Low Fuel Efficiency: Tyre upsizing can also affect the fuel efficiency of a vehicle. With wider tyres and larger wheels, the car has a better grip on the road, which affects the rolling resistance negatively. As a result, the car will need more revs to move efficiently, consuming more fuel in the process.

Wrong Speedometer Reading: Done incorrectly, tyre upsizing can affect the reading in your vehicle's speedometer. Car owners must exercise care in choosing the right tyre for upsizing. Tyre experts recommend upsizing tyres proportionately; meaning the increase in width of tyres should be equally proportionate to the decrease in tyre's sidewalls. If the diameter of upsized tyres goes higher than that of the original tyres, it may affect reading of the speedometer and hamper the performance many other modern systems such as ABS, ETC, ESP and TPMS.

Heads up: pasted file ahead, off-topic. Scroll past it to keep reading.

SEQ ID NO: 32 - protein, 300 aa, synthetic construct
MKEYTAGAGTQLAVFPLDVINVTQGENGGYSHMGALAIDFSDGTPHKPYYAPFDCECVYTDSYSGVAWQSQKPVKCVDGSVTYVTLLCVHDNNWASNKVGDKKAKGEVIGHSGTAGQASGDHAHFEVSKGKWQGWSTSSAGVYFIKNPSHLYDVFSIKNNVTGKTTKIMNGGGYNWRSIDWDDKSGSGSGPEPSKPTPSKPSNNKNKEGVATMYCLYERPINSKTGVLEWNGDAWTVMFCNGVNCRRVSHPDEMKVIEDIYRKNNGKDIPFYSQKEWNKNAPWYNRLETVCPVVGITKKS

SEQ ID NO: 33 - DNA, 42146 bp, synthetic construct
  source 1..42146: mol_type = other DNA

Little Driving Comfort: Tyre upsizing can adversely affect the riding quality. With larger wheels and wider tyres, the length of the sidewalls goes drastically down, leaving little or no sidewall flex for the wheels to absorb shock on bumpy roads. Hence, this makes riding less comfortable for the driver and passengers alike.

So, Should one upsize or not?

While tyre upsizing is a compelling proposition from the standpoint of a vehicle's aesthetic appeal, vehicle owners must factor in a number of aspects related to their regular driving requirements. Moreover, it is highly recommended that vehicle owners consult professional tyre experts in order to determine if tyre upsizing is a wide move for them.

How to Calculate Tyre Upsizing